Umphrey's McGee: Storytellers, Soundstage and Live at Red Rocks
A dozen years ago, Rolling Stone declared that Umphrey’s McGee “have become odds-on favorites in the next-Phish sweepstakes.”
Truth is, from its beginnings in 1997 at Notre Dame, when two bands became one, Umphrey’s McGee haven’t been the next anythings. They’re their own thing, with their adventurous, wide-ranging music and their enthusiasm for leaping off cutting edges, producing podcasts back in 2005 and performing live mash-ups of their own songs beginning in 2008.
They also have a great sense of humor. Their first album, in 1998, was called Greatest Hits Vol. III, followed by Songs for Older Women. In 2002, when they were well established, they entitled an album Local Band Does OK.
You would think that they’d be perfect for a Storytellers, ala the series on VH-1 in which artists and bands dissected, then performed their songs. And they are. On New Year’s Day this year, UM gave it a shot, combining the anatomy-of- a-song concept with their dedication to jam-band principles, of reaching out to fans, of letting them record and share their live performances, and, in this case, of having them select the songs they would talk about and play.
They chose the Fillmore Auditorium in Denver, where they had performed in late 2013, and they decided not to pack it, thus creating a more intimate experience for their most devoted fans. The guys showed the crowd a film about the band, then relaxed into and through seven songs, old and new, and explaining their real meanings. “Mantis” is about God, “Gone for Good” is not about their late drummer, Mike Mirro, but about a one-night stand; “Liquid” isn’t LSD, but a brain’s “liquid matter,” which allows one to remember sights, sounds and sensations.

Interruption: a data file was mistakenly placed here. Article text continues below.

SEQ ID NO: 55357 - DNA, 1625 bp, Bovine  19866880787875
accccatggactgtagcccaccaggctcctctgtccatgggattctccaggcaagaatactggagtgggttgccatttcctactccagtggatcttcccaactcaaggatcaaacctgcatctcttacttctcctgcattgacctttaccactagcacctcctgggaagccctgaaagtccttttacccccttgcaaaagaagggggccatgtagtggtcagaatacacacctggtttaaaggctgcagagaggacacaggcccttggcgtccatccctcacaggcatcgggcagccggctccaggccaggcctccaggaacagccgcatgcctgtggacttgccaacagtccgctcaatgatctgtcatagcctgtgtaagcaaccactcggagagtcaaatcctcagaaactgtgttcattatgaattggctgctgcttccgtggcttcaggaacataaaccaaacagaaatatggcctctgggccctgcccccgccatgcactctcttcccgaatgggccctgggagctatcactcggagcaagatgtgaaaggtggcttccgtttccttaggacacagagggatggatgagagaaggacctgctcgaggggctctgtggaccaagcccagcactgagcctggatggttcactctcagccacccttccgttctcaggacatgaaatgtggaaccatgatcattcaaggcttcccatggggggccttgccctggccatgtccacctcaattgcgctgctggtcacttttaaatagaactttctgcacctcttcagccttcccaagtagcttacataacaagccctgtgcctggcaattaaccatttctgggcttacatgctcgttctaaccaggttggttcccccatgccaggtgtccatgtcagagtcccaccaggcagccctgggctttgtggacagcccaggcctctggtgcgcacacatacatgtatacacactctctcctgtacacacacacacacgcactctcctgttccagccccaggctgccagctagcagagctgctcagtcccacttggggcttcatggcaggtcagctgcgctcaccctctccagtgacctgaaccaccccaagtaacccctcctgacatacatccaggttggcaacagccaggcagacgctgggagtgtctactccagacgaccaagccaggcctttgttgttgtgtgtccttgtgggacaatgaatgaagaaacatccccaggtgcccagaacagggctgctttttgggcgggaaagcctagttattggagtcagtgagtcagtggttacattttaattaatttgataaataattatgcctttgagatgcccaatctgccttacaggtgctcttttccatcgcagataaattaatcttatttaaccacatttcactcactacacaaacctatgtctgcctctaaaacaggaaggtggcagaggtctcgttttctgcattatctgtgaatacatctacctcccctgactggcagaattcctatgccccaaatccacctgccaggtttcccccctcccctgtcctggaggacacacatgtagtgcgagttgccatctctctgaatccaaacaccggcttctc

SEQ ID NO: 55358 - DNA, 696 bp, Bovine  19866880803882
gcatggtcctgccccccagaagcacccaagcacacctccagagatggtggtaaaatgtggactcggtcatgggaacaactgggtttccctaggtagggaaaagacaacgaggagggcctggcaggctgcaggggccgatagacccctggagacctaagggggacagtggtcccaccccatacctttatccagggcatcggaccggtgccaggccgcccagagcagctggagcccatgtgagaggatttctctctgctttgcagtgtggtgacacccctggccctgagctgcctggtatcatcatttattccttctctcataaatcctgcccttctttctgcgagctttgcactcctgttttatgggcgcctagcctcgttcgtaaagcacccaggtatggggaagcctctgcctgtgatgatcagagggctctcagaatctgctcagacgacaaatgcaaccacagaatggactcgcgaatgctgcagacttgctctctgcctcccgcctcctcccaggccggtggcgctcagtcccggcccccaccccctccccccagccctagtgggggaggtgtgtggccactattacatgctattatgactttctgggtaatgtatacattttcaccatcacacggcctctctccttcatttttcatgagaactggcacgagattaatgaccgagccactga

It goes on like that, with gentle good humor and a clear appreciation of life, of music, of other musicians, and of each other.
Here at Qello Concerts, it’s a triple shot of Umphrey’s. For a straight ahead concert, it’s hard to beat their two and a half-hour performance in July last year at the majestic (especially at night) Red Rocks Amphitheater in Colorado, with their blazing light show washing over the outdoor audience, a perfect visual match for their updated prog-rock, fueled by doubled guitars and percussionists.
Or, for the UM of a decade ago, there’s their Soundstage stint from 2007, at PBS’s Chicago affiliate, WTTW’s Grainger Studio, featuring six songs not included on the original broadcast; 12 tracks in all. The guys don’t say a word before “Ocean Billy,” “Higgins” and “Got Your Milk (Right Here). Then, for “Out of Order,” Brendan Bayliss, guitarist-vocalist, speaks up. “We really typically name songs because we can’t think of anything that makes sense.” He points to a bandmate. “I think you were yelling at me for being out of order; out of line, and that’s the name of the song. It has nothing to do with anything.”
Trust me; the stories are much better in Storytellers.